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Rider's Almanac Blog

Bus Light Rail

Good Question: How are buses and trains cleaned?

| Tuesday, October 25, 2016 2:42:00 PM

With thousands of passengers boarding each day, keeping buses and trains clean isn't easy.

In fact, Metro Transit has nearly 100 employees who devote all or part of their time to sweeping, mopping, scrubbing and otherwise tidying up the fleet of nearly 1,000 buses and 86 light-rail vehicles. Here's a brief look at how they manage the task.


When buses are pulled back into the garage after being in service, they are parked and stored until their next pull-out.

Because fewer buses are on the street overnight, Cleaners spend the late night and early morning hours going through each vehicle to sweep the floors and remove litter. Helpers also re-fuel the buses and put them through a high-pressure bus wash overnight. If a bus has been vandalized or has other visible damage, it will also addressed or set aside for future repair.

Buses are scheduled for more extensive cleanings at least every 45 days. During these cleanings, the ceilings, windows, window ledges, walls and floors are wiped down with a variety of cleaning agents, such as degreaser, dish soap and hot water. Upholstered seat bottoms and backs are cleaned with a carpet extractor, and damaged seats are replaced. Magic Erasers, deodorizer and putty knifes are also among the most frequently-used tools. While most of the attention is on the inside of the bus, Cleaners also wipe down the wheels and the front and back of the bus.

In most cases, it takes around three hours to clean a bus from start to finish.

Cleaner Ralph Mason has spent more than 25 years on the job. “I love my job to tell you the truth,” Mason said from Nicollet Garage. “I take pride in putting out a good product and being a part of a system that keeps the cities going.”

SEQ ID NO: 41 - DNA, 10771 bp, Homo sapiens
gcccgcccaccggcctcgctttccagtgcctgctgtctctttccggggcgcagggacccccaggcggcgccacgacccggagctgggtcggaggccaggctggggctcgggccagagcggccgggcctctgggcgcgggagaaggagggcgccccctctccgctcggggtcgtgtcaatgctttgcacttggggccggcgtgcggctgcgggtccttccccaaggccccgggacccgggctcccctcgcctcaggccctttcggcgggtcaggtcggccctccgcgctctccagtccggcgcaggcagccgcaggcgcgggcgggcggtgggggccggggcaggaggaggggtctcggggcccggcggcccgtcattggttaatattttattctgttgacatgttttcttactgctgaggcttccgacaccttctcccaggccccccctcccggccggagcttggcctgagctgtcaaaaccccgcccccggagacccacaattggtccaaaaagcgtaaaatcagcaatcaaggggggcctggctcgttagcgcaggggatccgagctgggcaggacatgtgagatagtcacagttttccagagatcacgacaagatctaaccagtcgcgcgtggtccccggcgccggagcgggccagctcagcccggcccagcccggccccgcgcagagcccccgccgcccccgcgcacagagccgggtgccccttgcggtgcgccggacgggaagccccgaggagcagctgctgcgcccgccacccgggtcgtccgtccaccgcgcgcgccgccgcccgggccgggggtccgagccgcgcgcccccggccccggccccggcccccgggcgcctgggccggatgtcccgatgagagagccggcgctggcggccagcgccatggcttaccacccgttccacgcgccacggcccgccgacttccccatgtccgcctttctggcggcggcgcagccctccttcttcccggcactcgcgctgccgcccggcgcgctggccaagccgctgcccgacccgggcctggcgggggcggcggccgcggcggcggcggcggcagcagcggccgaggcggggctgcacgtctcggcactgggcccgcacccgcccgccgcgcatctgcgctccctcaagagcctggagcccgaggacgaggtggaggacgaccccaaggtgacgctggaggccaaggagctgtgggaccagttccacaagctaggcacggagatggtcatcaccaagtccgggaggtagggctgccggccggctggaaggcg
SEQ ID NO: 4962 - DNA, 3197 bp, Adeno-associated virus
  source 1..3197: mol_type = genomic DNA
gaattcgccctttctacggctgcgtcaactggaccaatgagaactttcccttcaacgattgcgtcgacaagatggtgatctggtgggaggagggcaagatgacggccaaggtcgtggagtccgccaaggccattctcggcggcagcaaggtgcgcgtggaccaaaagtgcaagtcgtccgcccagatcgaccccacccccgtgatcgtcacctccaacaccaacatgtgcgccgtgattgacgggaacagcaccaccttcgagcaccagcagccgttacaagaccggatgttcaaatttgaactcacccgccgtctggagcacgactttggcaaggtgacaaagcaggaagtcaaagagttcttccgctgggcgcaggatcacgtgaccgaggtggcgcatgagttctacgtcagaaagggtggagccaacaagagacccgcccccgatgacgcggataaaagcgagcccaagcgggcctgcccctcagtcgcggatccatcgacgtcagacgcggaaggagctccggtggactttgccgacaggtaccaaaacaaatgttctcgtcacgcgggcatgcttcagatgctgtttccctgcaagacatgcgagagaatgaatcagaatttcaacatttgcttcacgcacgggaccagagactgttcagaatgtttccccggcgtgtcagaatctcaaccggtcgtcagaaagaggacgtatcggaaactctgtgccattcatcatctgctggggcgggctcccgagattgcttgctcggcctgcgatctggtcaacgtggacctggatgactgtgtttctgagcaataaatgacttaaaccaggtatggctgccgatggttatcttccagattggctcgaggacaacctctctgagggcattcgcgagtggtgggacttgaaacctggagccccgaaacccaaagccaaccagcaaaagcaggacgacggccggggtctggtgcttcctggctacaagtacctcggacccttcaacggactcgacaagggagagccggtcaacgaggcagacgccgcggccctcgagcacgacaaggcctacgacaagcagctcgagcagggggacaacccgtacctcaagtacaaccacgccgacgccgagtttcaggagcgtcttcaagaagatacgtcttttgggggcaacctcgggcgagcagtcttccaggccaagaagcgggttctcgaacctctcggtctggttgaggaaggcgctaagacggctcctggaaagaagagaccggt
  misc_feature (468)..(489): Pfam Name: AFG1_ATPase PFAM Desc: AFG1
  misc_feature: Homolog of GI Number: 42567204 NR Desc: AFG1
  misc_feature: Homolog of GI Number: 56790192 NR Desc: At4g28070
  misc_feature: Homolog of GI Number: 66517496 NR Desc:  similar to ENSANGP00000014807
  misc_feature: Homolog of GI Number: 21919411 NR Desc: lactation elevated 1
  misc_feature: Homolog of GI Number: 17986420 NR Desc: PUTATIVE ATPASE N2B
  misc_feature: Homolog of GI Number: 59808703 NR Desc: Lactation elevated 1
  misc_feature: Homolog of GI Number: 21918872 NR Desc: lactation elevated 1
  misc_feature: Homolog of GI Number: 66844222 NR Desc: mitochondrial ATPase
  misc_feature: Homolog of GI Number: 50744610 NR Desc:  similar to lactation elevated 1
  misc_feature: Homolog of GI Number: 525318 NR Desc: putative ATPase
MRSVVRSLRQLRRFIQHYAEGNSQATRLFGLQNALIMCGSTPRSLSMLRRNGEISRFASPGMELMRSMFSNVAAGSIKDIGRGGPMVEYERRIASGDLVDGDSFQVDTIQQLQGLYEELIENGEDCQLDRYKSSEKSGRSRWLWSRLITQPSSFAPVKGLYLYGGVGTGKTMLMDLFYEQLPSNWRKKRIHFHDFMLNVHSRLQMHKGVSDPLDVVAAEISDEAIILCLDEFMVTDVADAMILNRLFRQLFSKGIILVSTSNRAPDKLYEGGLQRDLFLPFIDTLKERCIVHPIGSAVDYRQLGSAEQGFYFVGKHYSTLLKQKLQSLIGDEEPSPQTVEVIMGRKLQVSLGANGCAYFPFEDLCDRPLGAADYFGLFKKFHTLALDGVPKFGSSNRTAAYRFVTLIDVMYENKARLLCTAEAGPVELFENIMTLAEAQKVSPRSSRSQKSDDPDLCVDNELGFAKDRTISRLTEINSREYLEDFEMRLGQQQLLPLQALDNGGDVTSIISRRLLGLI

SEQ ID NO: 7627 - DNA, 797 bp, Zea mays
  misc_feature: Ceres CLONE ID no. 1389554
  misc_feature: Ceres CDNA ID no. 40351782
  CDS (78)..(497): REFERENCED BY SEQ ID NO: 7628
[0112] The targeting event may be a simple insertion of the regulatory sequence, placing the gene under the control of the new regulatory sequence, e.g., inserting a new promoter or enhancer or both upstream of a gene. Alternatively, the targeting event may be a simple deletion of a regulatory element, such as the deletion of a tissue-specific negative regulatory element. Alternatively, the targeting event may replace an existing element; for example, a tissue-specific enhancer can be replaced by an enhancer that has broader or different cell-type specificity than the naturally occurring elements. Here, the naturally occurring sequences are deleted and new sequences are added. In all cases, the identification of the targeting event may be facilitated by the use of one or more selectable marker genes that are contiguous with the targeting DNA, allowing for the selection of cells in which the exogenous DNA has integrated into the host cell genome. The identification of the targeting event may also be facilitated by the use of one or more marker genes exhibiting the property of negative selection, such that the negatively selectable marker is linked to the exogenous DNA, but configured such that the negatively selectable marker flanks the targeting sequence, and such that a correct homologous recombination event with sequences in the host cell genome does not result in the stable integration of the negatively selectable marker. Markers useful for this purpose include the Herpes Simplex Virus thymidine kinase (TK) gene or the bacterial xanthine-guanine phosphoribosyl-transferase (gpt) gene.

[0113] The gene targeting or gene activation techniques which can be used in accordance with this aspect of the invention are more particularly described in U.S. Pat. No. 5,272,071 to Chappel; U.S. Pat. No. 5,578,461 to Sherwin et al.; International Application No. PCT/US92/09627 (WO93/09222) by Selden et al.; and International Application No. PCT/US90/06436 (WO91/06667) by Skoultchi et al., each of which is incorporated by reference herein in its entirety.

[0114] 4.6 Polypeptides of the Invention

Light rail

Like buses, trains are swept and cleaned nightly. Helpers also pull the train through a high-pressure wash, refill windshield wiper fluid, make sure the boxes that hold sand are full (sand is released as needed to help with traction) and get trains in position for their next pull-out. Helpers also clean or replace seat bottoms and backs as necessary.

Trains are thoroughly cleaned at 6,000-mile intervals, or at least once a month. Like their peers in Bus Maintenance, Helpers wipe-down the ceiling, windows, posts and handles. A Kaivac floor cleaner is also used to get dirt, sand and other material off of the floor, a particularly important job during the winter months.

It can take a single Cleaner up to eight hours to completely clean a train.

While most of the cleaning is done while trains are in storage, Helpers sometimes pick up trash while trains are stationed at Target Field or Union Depot between trips. 

Wearing calf-high rubber boots, Helper Jim Johnson said he enjoyed the work and the satisfaction of keeping the fleet in top condition. “The more you keep the trains clean, the cleaner they stay,” he said.  

Help keep buses and trains clean

Customers play an important role in keeping buses, trains and boarding areas clean. Remember, Metro Transit’s Code of Conduct prohibits customers from eating on board; drinks with a sealed lid are acceptable. To report a spill or excessive litter, call Customer Relations at 612-373-3333.